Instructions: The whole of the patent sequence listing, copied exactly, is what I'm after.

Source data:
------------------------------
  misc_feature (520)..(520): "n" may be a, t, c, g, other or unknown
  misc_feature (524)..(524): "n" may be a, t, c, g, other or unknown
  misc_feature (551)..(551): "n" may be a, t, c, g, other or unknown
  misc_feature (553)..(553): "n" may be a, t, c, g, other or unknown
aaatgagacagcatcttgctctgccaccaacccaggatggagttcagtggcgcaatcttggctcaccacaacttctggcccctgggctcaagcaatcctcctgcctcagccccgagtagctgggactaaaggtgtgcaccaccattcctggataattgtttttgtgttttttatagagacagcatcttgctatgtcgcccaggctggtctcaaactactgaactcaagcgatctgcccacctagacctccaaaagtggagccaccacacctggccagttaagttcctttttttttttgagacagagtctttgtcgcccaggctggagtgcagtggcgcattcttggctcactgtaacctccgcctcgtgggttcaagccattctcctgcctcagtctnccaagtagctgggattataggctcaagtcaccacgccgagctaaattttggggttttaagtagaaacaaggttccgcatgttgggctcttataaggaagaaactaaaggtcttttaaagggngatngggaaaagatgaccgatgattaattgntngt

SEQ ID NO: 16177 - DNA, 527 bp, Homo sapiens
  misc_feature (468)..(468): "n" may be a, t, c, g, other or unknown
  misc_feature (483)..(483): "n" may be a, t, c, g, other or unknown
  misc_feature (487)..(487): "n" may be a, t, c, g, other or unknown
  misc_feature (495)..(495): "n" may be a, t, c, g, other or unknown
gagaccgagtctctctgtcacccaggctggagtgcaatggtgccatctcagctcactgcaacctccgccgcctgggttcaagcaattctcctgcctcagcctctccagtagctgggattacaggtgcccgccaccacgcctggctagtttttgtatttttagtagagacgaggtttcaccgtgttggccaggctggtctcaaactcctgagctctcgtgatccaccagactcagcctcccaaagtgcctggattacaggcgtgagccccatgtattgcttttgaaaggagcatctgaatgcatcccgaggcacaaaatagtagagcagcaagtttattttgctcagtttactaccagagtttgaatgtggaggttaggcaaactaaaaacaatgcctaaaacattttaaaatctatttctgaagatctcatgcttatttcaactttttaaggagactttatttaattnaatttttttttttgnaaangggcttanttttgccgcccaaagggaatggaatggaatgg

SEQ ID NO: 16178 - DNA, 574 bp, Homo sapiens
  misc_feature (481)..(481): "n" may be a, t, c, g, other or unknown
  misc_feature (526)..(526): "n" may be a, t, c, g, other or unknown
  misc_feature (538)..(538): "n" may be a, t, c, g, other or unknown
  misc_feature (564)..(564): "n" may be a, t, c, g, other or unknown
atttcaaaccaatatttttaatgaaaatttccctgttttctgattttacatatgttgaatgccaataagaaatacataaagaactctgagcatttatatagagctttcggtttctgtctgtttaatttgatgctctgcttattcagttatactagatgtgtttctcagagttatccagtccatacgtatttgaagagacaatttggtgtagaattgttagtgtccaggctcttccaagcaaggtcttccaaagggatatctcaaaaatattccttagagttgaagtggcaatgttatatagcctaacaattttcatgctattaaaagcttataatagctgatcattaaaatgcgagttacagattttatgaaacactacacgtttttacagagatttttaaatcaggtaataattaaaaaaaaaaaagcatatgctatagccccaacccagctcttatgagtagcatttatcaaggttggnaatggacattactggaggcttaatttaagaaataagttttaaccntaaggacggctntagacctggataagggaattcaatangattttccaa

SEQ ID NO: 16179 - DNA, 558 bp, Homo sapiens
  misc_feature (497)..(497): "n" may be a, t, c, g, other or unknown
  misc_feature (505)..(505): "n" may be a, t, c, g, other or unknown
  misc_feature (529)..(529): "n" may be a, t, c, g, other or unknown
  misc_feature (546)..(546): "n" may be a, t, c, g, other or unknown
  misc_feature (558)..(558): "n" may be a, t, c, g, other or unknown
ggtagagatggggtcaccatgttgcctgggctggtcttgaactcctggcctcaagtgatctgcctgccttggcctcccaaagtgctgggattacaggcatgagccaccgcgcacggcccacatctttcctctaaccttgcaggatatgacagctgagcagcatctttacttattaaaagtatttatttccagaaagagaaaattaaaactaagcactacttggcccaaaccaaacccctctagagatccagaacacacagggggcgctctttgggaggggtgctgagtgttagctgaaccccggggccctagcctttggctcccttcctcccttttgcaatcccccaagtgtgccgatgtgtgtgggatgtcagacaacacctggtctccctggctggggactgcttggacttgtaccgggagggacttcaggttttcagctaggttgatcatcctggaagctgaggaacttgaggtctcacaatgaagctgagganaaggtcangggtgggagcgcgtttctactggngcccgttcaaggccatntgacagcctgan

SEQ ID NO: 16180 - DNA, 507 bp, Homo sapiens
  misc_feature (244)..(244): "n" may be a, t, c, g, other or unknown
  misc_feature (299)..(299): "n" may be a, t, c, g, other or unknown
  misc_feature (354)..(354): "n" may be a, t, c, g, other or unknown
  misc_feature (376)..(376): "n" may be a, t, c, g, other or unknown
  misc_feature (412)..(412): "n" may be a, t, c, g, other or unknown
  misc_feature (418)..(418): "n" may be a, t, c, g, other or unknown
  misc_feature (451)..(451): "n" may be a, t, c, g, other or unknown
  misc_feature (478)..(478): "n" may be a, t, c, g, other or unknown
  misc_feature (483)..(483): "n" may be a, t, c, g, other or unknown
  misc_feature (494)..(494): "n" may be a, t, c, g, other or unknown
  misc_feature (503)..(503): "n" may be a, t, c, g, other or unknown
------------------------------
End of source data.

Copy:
  misc_feature (520)..(520): "n" may be a, t, c, g, other or unknown
  misc_feature (524)..(524): "n" may be a, t, c, g, other or unknown
  misc_feature (551)..(551): "n" may be a, t, c, g, other or unknown
  misc_feature (553)..(553): "n" may be a, t, c, g, other or unknown
aaatgagacagcatcttgctctgccaccaacccaggatggagttcagtggcgcaatcttggctcaccacaacttctggcccctgggctcaagcaatcctcctgcctcagccccgagtagctgggactaaaggtgtgcaccaccattcctggataattgtttttgtgttttttatagagacagcatcttgctatgtcgcccaggctggtctcaaactactgaactcaagcgatctgcccacctagacctccaaaagtggagccaccacacctggccagttaagttcctttttttttttgagacagagtctttgtcgcccaggctggagtgcagtggcgcattcttggctcactgtaacctccgcctcgtgggttcaagccattctcctgcctcagtctnccaagtagctgggattataggctcaagtcaccacgccgagctaaattttggggttttaagtagaaacaaggttccgcatgttgggctcttataaggaagaaactaaaggtcttttaaagggngatngggaaaagatgaccgatgattaattgntngt

SEQ ID NO: 16177 - DNA, 527 bp, Homo sapiens
  misc_feature (468)..(468): "n" may be a, t, c, g, other or unknown
  misc_feature (483)..(483): "n" may be a, t, c, g, other or unknown
  misc_feature (487)..(487): "n" may be a, t, c, g, other or unknown
  misc_feature (495)..(495): "n" may be a, t, c, g, other or unknown
gagaccgagtctctctgtcacccaggctggagtgcaatggtgccatctcagctcactgcaacctccgccgcctgggttcaagcaattctcctgcctcagcctctccagtagctgggattacaggtgcccgccaccacgcctggctagtttttgtatttttagtagagacgaggtttcaccgtgttggccaggctggtctcaaactcctgagctctcgtgatccaccagactcagcctcccaaagtgcctggattacaggcgtgagccccatgtattgcttttgaaaggagcatctgaatgcatcccgaggcacaaaatagtagagcagcaagtttattttgctcagtttactaccagagtttgaatgtggaggttaggcaaactaaaaacaatgcctaaaacattttaaaatctatttctgaagatctcatgcttatttcaactttttaaggagactttatttaattnaatttttttttttgnaaangggcttanttttgccgcccaaagggaatggaatggaatgg

SEQ ID NO: 16178 - DNA, 574 bp, Homo sapiens
  misc_feature (481)..(481): "n" may be a, t, c, g, other or unknown
  misc_feature (526)..(526): "n" may be a, t, c, g, other or unknown
  misc_feature (538)..(538): "n" may be a, t, c, g, other or unknown
  misc_feature (564)..(564): "n" may be a, t, c, g, other or unknown
atttcaaaccaatatttttaatgaaaatttccctgttttctgattttacatatgttgaatgccaataagaaatacataaagaactctgagcatttatatagagctttcggtttctgtctgtttaatttgatgctctgcttattcagttatactagatgtgtttctcagagttatccagtccatacgtatttgaagagacaatttggtgtagaattgttagtgtccaggctcttccaagcaaggtcttccaaagggatatctcaaaaatattccttagagttgaagtggcaatgttatatagcctaacaattttcatgctattaaaagcttataatagctgatcattaaaatgcgagttacagattttatgaaacactacacgtttttacagagatttttaaatcaggtaataattaaaaaaaaaaaagcatatgctatagccccaacccagctcttatgagtagcatttatcaaggttggnaatggacattactggaggcttaatttaagaaataagttttaaccntaaggacggctntagacctggataagggaattcaatangattttccaa

SEQ ID NO: 16179 - DNA, 558 bp, Homo sapiens
  misc_feature (497)..(497): "n" may be a, t, c, g, other or unknown
  misc_feature (505)..(505): "n" may be a, t, c, g, other or unknown
  misc_feature (529)..(529): "n" may be a, t, c, g, other or unknown
  misc_feature (546)..(546): "n" may be a, t, c, g, other or unknown
  misc_feature (558)..(558): "n" may be a, t, c, g, other or unknown
ggtagagatggggtcaccatgttgcctgggctggtcttgaactcctggcctcaagtgatctgcctgccttggcctcccaaagtgctgggattacaggcatgagccaccgcgcacggcccacatctttcctctaaccttgcaggatatgacagctgagcagcatctttacttattaaaagtatttatttccagaaagagaaaattaaaactaagcactacttggcccaaaccaaacccctctagagatccagaacacacagggggcgctctttgggaggggtgctgagtgttagctgaaccccggggccctagcctttggctcccttcctcccttttgcaatcccccaagtgtgccgatgtgtgtgggatgtcagacaacacctggtctccctggctggggactgcttggacttgtaccgggagggacttcaggttttcagctaggttgatcatcctggaagctgaggaacttgaggtctcacaatgaagctgagganaaggtcangggtgggagcgcgtttctactggngcccgttcaaggccatntgacagcctgan

SEQ ID NO: 16180 - DNA, 507 bp, Homo sapiens
  misc_feature (244)..(244): "n" may be a, t, c, g, other or unknown
  misc_feature (299)..(299): "n" may be a, t, c, g, other or unknown
  misc_feature (354)..(354): "n" may be a, t, c, g, other or unknown
  misc_feature (376)..(376): "n" may be a, t, c, g, other or unknown
  misc_feature (412)..(412): "n" may be a, t, c, g, other or unknown
  misc_feature (418)..(418): "n" may be a, t, c, g, other or unknown
  misc_feature (451)..(451): "n" may be a, t, c, g, other or unknown
  misc_feature (478)..(478): "n" may be a, t, c, g, other or unknown
  misc_feature (483)..(483): "n" may be a, t, c, g, other or unknown
  misc_feature (494)..(494): "n" may be a, t, c, g, other or unknown
  misc_feature (503)..(503): "n" may be a, t, c, g, other or unknown